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You had a baby! Congratulations! Now it’s time to let Grandma see your little one in person. Since it will be an extended stay (Grandma wouldn’t have it any other way), you’re going to need a special place for your newborn to sleep.
So, before you head out on the road, you need to spend some time shopping for a Pack ‘n Play or travel crib.
Or maybe…Grandma, you’re reading this because you decided to get a portable crib to keep at your house so the kids wouldn’t have to tote one back and forth. (Maybe they’ll visit more often then…?)
In any case, someone in this scenario is looking to get a mini crib so the baby can sleep well and soundly while away from home, whether that’s at Grandma’s house or somewhere else.
In this review, we’ll look at several such portable travel cribs, so you can decide which one is best for your situation.
If you’re in a hurry and just want to check the pricing and availability of these mini travel cribs at Walmart or Amazon, you can click the links in the list below. These are currently some of the most popular travel cribs in the market.
If you’ve got more time read on and find out a little bit about the best travel cribs available right now.
Why would you need a portable playard travel crib?
Playards provide babies with a comfortable space to play or sleep, and give parents some peace of mind knowing that their little one is in a safe place where they can keep a watchful eye.
Having a portable playard in your home can be so useful, you can easily move it around your house as you go, and it can easily be packed away and traveled with. This gives you a safe space wherever you might be, at a friend’s house or away camping.
Choosing the right portable mini-crib will ensure you can make the most out of it, whether it be at home, when traveling, when sleeping or playing. For times when it’s used as a crib, you may also want to purchase a Pack ‘n Play sheet for it.
There are a lot of options on the market though so it can get a bit overwhelming. To help we’ve carried out extension research into how to choose a pack ’n’ play and we’ve put together a list of our favorites.
What is a pack-n-play anyway? Is it the same as a playard? A mini-crib?
Maybe it’s just us but we got a little confused with all the various names that come up when discussing this particular product. In the interests of a proper and thorough research we wanted to make sure we’re all talking from the same page. Here are some quick definitions:
Playard – a Playard is basically a portable, foldable crib that can also be used as a temporary playpen.
Pack ‘n Play – is actually Graco’s trademark brand name for its playard range. So technically it’s inaccurate to refer to a “Chicco pack ‘n play” for example.
Mini-crib – some people refer to Playards as mini-cribs, which I guess they kind of are, but, technically, a mini-crib is, as the name suggests, a smaller version of a normal crib.
Travel crib – essentially the same thing as a Playard. A term used more with sleeping in mind then playing.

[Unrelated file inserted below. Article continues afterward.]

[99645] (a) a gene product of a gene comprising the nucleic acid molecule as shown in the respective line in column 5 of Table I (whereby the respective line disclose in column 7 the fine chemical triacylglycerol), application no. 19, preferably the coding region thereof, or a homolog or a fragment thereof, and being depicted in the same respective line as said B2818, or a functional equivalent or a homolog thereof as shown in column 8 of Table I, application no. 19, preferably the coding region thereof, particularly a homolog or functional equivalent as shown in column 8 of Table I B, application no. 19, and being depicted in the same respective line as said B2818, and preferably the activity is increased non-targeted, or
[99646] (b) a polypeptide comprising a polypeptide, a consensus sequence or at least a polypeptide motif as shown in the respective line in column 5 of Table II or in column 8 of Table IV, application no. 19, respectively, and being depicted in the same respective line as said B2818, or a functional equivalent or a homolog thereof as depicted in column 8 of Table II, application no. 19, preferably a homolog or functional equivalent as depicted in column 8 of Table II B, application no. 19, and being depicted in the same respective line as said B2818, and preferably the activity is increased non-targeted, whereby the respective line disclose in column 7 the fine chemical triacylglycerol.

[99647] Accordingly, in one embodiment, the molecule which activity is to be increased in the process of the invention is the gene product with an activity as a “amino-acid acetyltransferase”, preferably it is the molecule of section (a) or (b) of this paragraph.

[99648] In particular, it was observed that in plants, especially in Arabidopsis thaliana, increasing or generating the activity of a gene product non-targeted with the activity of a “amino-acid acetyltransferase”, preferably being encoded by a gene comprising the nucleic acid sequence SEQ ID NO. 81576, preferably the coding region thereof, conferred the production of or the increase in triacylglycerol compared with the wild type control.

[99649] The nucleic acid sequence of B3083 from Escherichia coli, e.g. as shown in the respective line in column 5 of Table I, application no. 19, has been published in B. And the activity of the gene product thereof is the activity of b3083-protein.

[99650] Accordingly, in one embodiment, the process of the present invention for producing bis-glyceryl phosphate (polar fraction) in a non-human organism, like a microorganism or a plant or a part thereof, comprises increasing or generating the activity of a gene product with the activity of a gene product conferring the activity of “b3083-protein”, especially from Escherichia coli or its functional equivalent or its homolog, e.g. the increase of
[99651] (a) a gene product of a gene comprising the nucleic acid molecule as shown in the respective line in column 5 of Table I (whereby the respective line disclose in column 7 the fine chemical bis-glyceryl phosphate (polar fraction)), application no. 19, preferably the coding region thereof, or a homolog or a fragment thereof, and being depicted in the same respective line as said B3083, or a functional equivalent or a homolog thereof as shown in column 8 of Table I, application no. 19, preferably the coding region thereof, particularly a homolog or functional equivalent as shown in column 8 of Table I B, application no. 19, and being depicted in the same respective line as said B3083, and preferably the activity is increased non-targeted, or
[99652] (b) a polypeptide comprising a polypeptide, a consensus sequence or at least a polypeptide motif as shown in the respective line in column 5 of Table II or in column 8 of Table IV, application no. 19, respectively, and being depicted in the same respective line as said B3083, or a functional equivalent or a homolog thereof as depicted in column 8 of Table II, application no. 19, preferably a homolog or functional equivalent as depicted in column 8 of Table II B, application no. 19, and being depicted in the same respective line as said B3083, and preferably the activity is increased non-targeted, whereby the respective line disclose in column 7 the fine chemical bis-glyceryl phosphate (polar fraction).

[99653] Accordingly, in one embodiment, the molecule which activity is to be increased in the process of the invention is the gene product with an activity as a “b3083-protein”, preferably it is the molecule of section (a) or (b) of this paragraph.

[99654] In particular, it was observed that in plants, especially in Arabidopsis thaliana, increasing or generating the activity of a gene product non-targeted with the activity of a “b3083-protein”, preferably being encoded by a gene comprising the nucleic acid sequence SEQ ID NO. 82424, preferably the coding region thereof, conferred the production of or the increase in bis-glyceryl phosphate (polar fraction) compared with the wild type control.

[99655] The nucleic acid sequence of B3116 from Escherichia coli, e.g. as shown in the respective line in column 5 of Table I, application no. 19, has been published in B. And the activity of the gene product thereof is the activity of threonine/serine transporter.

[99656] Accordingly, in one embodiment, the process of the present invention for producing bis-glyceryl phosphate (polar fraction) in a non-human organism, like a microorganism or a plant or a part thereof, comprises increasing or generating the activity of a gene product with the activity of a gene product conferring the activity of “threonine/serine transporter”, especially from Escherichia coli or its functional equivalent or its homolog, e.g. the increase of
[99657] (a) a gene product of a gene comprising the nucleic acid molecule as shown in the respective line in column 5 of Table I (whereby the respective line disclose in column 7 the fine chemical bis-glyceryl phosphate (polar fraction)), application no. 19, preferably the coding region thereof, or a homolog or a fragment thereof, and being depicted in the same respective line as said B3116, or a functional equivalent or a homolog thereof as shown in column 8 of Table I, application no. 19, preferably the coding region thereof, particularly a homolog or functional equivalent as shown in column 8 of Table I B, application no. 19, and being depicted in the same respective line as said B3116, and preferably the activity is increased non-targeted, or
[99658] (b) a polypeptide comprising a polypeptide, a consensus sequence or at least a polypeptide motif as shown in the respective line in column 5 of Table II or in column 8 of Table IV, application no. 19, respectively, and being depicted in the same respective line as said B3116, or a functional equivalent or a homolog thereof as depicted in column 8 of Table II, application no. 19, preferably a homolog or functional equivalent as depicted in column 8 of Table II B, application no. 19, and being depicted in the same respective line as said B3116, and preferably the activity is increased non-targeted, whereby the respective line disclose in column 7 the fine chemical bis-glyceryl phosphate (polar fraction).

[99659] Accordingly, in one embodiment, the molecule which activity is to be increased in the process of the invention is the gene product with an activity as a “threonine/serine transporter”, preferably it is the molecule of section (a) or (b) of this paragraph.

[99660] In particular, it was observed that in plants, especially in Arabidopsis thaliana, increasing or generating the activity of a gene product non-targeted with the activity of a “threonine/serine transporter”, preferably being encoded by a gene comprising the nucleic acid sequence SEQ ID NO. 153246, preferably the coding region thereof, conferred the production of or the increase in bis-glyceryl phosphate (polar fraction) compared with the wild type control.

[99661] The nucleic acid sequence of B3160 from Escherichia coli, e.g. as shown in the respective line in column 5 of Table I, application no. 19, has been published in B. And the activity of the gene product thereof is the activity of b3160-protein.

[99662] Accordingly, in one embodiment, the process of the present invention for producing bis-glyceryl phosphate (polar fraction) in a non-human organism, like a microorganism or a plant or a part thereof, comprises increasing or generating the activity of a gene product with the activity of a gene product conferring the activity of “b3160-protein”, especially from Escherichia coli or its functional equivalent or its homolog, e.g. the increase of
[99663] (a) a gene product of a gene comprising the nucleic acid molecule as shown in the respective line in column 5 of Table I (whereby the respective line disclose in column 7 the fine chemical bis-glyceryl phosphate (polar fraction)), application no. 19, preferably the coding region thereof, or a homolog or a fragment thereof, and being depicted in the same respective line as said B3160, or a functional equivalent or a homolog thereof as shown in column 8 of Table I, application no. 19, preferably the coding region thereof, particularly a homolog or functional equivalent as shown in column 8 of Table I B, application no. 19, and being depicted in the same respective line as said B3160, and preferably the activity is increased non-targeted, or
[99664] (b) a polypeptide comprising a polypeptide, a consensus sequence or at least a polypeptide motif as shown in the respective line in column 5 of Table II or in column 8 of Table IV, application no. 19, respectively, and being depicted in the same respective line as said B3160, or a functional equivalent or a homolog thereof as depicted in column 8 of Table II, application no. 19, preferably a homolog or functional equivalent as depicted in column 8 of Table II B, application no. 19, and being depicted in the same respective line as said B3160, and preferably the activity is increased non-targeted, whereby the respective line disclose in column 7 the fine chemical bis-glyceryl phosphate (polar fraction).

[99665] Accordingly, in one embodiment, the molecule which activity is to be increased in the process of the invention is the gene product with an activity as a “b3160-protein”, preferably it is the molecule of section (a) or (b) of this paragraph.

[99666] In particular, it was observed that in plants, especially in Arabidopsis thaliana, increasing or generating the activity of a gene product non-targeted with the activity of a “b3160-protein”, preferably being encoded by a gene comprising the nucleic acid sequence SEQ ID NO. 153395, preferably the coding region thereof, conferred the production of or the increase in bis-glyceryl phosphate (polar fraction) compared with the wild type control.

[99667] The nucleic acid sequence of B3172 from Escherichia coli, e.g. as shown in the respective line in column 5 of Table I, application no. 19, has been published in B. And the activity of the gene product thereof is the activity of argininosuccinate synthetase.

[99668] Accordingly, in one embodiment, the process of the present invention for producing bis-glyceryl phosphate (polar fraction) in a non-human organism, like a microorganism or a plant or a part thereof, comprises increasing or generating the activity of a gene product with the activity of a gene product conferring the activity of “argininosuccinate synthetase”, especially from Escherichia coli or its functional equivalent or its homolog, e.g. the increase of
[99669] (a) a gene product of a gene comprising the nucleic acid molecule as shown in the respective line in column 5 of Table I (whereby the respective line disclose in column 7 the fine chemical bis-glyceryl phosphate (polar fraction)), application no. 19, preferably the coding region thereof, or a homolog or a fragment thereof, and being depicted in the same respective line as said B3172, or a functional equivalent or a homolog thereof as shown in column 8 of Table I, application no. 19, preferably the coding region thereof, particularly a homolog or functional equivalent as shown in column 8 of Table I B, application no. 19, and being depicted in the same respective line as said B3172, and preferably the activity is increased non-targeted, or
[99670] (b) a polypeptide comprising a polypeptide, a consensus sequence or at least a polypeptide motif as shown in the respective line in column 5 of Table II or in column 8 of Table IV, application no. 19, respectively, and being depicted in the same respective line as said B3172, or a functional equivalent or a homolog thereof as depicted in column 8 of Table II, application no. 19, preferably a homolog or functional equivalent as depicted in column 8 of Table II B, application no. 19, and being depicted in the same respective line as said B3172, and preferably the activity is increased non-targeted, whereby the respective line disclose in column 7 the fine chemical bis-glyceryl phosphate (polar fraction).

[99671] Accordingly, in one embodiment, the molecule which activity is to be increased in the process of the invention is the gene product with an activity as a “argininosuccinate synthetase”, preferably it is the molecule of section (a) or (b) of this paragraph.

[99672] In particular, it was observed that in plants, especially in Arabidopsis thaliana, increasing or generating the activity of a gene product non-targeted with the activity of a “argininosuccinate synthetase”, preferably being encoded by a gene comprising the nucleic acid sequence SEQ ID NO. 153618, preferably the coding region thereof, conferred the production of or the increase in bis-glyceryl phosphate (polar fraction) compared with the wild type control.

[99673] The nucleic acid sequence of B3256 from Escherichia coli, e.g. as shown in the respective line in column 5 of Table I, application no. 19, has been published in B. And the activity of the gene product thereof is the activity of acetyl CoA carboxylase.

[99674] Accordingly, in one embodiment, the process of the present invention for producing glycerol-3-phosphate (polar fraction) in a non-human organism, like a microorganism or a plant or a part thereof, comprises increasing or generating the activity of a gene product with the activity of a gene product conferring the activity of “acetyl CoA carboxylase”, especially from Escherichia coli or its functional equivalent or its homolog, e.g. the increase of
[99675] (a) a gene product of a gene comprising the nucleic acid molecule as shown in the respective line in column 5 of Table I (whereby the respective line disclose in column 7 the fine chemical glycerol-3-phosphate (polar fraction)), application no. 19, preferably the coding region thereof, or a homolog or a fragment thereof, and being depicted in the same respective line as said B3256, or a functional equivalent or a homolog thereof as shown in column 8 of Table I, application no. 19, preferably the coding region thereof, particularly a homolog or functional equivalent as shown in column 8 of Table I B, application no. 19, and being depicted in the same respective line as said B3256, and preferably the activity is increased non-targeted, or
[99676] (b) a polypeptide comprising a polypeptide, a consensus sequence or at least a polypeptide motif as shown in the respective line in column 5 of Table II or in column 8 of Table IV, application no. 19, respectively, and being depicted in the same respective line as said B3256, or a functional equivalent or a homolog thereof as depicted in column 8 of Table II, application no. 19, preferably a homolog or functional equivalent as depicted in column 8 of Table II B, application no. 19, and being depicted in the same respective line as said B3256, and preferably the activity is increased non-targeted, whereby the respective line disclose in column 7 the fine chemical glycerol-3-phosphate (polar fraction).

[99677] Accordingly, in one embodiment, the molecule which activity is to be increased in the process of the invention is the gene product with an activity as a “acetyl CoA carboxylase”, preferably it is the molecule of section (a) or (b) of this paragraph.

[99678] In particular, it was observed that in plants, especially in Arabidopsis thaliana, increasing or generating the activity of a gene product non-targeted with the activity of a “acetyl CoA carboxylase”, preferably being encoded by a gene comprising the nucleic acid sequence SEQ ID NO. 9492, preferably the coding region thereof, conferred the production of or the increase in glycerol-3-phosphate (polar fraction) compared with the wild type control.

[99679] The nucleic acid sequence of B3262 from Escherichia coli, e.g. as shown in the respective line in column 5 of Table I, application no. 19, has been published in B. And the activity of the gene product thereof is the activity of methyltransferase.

Portable mini-crib – we’re going to refer to this in the same way as a Playard. A mini-crib can be fixed in place (in a smaller bedroom) or it can be portable to travel with. In this case we’re going to use the term mini-crib interchangeably with playard as, if it’s a portable mini crib, chances are it’s the same thing anyway.
Hope that makes sense. People use the terms Playard, Mini-crib and Pack ‘n Play interchangeably but it’s important to get our understanding right otherwise we’ll end up looking at the wrong products for our needs.
Now that we’ve got that out of the way here is our review of the best Playards on the market in 2020 – starting with the Louts Travel Crib from Guava.
What Makes the Guava Lotus Travel Crib Different from the Rest?
The Lotus Travel Crib obviously has several features that are similar to other portable cribs, but if you take the following six items as a whole, you can probably safely say that there isn’t another travel crib like it in the market today.
The six points that Lotus likes to emphasize are these.
- Side zipper door
- Sturdy frame
- Comfy mattress
- Backpack style
- Light weight
- Airport friendliness
Let’s take a quick look at each of these features.
Side Zipper Door
There is a side, zippered “door” that takes up virtually all of one of the long sides of the crib. The zipper starts near the bottom of one corner, goes up, across, and down to the other corner. This creates a flap that is the “door” that opens.
You can place your child into the crib through this door (or take him out this way) instead of bending over to set him down through the top opening. For some people, sitting or kneeling on the floor to get access to the crib will be easier on their bodies – especially their backs – than bending with the weight of the baby in their arms.
If your child is old enough to crawl, you can use this side opening as an entrance to a playard that he can easily get into and out of.